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Exchange Rates and Adjustment: Perspectives from the New Open Economy Macroeconomics

  • Obstfeld, Maurice

The New Open Economy Macroeconomics has allowed economists to tackle classical problems with new tools, while also generating new ideas and questions. In their attempts to make the new models capture empirical regularities, researchers have entertained a variety of assumptions about the international pricing of goods, notably, models of pricing to market and destination-currency pricing of exports. Some of the resulting models imply that exchange-rate changes lack international expenditure-switching effects, and they thus appear to call for a radical rethinking of the role of exchange rates in international adjustment. This paper argues that the recent resurgence of exchange-rate pessimism stems from oversimplified modeling strategies rather than from evidence. Like earlier episodes starting with the extreme "elasticity pessimism" of the early postwar era, it is based on a misinterpretation of the empirical record.

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Paper provided by Center for International and Development Economics Research, Institute for Business and Economic Research, UC Berkeley in its series Center for International and Development Economics Research, Working Paper Series with number qt5t38s42v.

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Date of creation: 02 Jul 2002
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Handle: RePEc:cdl:ciders:qt5t38s42v
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  1. Obstfeld, Maurice & Rogoff, Kenneth, 1999. "New Directions for Stochastic Open Economy Models," Center for International and Development Economics Research, Working Paper Series qt5pf7g8sh, Center for International and Development Economics Research, Institute for Business and Economic Research, UC Berkeley.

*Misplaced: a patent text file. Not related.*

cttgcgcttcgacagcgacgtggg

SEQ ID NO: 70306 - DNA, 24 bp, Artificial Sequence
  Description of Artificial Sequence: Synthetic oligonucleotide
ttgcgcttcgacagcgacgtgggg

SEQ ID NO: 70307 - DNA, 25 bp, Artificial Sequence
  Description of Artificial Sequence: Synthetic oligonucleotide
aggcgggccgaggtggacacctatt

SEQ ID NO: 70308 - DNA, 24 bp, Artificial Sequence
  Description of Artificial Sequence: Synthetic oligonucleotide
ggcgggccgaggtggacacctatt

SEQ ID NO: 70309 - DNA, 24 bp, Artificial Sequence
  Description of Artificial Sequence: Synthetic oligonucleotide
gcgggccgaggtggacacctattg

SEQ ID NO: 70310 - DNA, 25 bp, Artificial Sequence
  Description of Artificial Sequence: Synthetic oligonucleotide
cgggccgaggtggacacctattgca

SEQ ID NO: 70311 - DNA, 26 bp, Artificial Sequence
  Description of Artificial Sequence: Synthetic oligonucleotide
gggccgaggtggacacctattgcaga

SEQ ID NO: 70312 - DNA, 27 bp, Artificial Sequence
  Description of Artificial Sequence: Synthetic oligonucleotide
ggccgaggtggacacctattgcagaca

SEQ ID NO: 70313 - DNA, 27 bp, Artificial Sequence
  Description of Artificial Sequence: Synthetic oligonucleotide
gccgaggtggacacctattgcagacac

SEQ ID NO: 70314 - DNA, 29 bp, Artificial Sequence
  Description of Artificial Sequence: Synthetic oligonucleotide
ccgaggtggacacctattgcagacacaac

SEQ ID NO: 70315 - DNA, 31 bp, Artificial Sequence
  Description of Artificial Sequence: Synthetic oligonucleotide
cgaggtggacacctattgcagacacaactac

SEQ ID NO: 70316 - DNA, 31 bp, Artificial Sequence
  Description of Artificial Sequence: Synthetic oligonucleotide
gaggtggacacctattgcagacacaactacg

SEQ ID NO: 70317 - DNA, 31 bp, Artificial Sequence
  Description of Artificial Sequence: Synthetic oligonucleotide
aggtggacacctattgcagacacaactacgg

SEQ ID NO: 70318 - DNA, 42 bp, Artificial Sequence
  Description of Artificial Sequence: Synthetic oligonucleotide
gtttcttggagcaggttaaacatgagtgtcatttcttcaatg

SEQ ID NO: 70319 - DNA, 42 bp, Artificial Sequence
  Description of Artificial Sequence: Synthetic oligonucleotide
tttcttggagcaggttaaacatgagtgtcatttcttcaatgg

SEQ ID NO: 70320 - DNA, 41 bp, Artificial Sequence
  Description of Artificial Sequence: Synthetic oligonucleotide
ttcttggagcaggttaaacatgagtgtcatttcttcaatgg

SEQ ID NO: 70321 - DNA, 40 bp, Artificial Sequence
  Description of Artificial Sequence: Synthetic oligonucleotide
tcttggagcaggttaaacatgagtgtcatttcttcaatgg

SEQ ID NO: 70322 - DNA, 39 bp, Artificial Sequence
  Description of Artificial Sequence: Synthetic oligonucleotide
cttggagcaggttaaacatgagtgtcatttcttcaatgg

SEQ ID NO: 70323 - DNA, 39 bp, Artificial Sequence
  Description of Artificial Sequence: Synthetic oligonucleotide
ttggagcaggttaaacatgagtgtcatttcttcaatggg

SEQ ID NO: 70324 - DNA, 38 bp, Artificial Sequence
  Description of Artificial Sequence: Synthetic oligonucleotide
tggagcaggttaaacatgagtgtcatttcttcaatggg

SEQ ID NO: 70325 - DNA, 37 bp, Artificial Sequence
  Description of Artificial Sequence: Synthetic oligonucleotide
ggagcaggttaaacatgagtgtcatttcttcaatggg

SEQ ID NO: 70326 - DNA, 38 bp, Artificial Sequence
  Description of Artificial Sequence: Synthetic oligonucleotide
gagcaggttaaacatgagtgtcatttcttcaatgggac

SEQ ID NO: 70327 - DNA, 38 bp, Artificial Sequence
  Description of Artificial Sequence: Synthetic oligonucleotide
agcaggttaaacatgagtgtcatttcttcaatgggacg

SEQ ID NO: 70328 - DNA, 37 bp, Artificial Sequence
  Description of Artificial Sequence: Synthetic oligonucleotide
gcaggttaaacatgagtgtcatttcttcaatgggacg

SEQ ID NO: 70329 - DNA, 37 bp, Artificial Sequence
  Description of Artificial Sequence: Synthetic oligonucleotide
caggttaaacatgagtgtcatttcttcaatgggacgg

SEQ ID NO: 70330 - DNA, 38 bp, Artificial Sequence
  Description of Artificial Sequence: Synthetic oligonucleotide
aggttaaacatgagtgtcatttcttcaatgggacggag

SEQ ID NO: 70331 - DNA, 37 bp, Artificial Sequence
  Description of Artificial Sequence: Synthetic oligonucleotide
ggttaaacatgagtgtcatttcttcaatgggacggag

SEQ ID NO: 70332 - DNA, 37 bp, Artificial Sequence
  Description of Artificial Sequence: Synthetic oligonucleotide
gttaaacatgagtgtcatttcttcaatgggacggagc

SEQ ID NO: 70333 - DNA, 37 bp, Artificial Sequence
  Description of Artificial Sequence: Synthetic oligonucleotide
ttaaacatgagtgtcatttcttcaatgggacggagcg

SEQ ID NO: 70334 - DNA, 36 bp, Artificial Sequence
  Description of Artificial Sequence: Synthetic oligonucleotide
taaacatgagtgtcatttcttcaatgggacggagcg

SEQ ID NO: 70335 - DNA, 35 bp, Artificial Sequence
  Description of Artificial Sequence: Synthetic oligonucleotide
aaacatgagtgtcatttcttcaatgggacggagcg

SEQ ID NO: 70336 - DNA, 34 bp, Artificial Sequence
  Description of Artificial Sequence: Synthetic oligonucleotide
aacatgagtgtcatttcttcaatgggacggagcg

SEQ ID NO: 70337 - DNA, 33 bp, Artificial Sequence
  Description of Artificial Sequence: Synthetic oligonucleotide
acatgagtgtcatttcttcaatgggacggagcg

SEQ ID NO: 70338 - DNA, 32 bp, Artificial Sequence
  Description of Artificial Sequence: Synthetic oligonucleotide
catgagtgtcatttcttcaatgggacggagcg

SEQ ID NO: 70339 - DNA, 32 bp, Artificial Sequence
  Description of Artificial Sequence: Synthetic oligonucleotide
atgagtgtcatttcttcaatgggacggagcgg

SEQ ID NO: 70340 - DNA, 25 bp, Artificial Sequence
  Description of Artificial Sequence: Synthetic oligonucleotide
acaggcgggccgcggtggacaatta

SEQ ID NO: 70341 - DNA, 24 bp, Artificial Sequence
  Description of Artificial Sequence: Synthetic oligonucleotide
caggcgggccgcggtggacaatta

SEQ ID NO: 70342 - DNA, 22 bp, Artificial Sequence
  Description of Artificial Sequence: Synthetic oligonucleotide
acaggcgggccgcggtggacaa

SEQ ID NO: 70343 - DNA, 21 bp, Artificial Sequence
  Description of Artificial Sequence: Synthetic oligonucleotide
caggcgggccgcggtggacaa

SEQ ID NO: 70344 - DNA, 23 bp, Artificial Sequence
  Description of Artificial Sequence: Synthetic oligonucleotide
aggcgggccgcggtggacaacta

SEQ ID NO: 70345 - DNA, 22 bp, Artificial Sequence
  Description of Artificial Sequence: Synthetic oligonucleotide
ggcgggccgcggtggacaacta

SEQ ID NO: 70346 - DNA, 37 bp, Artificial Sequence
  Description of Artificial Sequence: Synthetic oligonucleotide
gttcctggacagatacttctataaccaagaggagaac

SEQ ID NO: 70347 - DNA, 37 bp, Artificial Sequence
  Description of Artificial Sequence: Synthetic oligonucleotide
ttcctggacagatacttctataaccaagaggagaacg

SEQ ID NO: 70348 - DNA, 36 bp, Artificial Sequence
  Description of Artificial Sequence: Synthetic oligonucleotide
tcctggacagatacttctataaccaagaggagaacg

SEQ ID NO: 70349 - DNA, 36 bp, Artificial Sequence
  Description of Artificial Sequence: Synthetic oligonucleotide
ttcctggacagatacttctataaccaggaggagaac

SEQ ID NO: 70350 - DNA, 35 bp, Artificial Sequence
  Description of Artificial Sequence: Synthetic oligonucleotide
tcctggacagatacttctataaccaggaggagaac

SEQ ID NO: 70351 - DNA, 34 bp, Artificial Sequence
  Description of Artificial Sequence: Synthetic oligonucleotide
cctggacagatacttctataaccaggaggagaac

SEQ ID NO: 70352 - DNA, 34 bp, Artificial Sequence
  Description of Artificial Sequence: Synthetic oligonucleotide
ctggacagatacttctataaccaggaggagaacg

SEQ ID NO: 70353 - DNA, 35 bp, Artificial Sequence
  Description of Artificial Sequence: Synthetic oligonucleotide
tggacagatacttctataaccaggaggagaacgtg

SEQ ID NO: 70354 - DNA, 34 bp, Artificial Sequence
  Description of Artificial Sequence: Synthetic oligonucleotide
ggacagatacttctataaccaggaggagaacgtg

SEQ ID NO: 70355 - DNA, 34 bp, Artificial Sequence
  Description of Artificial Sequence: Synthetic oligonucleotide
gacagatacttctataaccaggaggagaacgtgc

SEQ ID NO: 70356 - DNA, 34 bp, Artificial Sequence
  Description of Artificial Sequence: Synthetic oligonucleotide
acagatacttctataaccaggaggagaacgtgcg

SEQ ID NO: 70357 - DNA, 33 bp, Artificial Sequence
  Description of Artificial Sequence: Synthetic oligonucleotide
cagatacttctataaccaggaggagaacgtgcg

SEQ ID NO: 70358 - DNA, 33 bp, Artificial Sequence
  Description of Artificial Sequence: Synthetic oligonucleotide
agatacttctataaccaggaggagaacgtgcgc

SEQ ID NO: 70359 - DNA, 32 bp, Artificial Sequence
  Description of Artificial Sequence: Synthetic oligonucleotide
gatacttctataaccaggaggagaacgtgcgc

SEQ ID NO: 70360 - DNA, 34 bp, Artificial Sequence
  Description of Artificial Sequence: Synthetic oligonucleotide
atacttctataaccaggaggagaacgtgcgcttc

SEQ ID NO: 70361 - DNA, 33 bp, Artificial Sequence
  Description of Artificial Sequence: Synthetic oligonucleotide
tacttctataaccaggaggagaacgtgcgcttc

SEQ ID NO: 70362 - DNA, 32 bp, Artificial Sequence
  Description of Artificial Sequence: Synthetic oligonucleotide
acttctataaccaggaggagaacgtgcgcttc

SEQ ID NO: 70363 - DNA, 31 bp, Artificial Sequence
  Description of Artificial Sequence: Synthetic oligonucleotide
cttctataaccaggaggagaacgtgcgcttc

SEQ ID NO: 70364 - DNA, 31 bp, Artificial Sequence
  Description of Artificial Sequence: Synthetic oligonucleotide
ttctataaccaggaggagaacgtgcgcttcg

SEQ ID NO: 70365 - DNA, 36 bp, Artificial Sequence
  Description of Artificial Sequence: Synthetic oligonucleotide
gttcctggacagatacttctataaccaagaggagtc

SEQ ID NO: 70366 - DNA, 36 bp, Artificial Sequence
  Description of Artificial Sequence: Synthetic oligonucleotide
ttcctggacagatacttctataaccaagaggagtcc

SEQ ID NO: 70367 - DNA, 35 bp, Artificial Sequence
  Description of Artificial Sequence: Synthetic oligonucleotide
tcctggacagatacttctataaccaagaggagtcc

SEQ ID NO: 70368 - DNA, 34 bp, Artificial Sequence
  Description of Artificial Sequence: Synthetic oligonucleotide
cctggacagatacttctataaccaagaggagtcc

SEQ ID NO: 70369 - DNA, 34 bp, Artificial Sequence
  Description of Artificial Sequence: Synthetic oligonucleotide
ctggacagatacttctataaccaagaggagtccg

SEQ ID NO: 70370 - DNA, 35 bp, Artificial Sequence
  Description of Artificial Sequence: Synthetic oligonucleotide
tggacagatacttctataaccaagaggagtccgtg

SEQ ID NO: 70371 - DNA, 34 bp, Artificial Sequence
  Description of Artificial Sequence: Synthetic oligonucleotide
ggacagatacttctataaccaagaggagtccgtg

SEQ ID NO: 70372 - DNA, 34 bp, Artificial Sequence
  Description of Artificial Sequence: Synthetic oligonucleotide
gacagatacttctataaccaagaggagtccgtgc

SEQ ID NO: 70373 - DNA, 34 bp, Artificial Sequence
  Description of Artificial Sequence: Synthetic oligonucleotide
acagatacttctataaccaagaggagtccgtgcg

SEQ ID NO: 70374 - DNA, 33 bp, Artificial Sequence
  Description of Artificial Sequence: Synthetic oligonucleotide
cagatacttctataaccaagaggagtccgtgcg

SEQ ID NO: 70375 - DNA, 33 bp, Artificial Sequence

2. Charles Engel, 1999. "Accounting for U.S. Real Exchange Rate Changes," Journal of Political Economy, University of Chicago Press, vol. 107(3), pages 507-538, June.
  3. Giancarlo Corsetti & Luca Dedola, 2002. "Macroeconomics of international price discrimination," Temi di discussione (Economic working papers) 461, Bank of Italy, Economic Research and International Relations Area.
  4. William H. Branson & Julio J. Rotemberg, 1981. "International adjustment with wage rigidity," NBER Chapters, in: International Seminar on Macroeconomics, pages 309-332 National Bureau of Economic Research, Inc.
  5. McCallum, Bennett T & Nelson, Edward, 2001. "Monetary Policy for an Open Economy: An Alternative Framework with Optimizing Agents and Sticky Prices," CEPR Discussion Papers 2756, C.E.P.R. Discussion Papers.
  6. Avinash Dixit, 1989. "Hysteresis, Import Penetration, and Exchange Rate Pass-Through," The Quarterly Journal of Economics, Oxford University Press, vol. 104(2), pages 205-228.
  7. Dornbusch, Rudiger, 1987. "Exchange Rates and Prices," American Economic Review, American Economic Association, vol. 77(1), pages 93-106, March.
  8. Guillermo A. Calvo & Carmen M. Reinhart, 2002. "Fear of Floating," The Quarterly Journal of Economics, Oxford University Press, vol. 117(2), pages 379-408.
  9. Cedric Tille, 2002. "How valuable is exchange rate flexibility? Optimal monetary policy under sectoral shocks," Staff Reports 147, Federal Reserve Bank of New York.
  10. Robert C. Feenstra, . "Integration Of Trade And Disintegration Of Production In The Global Economy," Department of Economics 98-06, California Davis - Department of Economics.
  11. Pinelopi K. Goldberg & Michael M. Knetter, 1996. "Goods Prices and Exchange Rates: What Have We Learned?," NBER Working Papers 5862, National Bureau of Economic Research, Inc.
  12. Mario I. Blejer & Mohsin S. Khan & Paul R. Masson, 1995. "Early Contributions of “Staff Papers” to International Economics," IMF Staff Papers, Palgrave Macmillan, vol. 42(4), pages 707-733, December.
  13. Benigno, Gianluca & Benigno, Pierpaolo, 2001. "Price Stability as a Nash Equilibrium in Monetary Open-Economy Models," CEPR Discussion Papers 2757, C.E.P.R. Discussion Papers.
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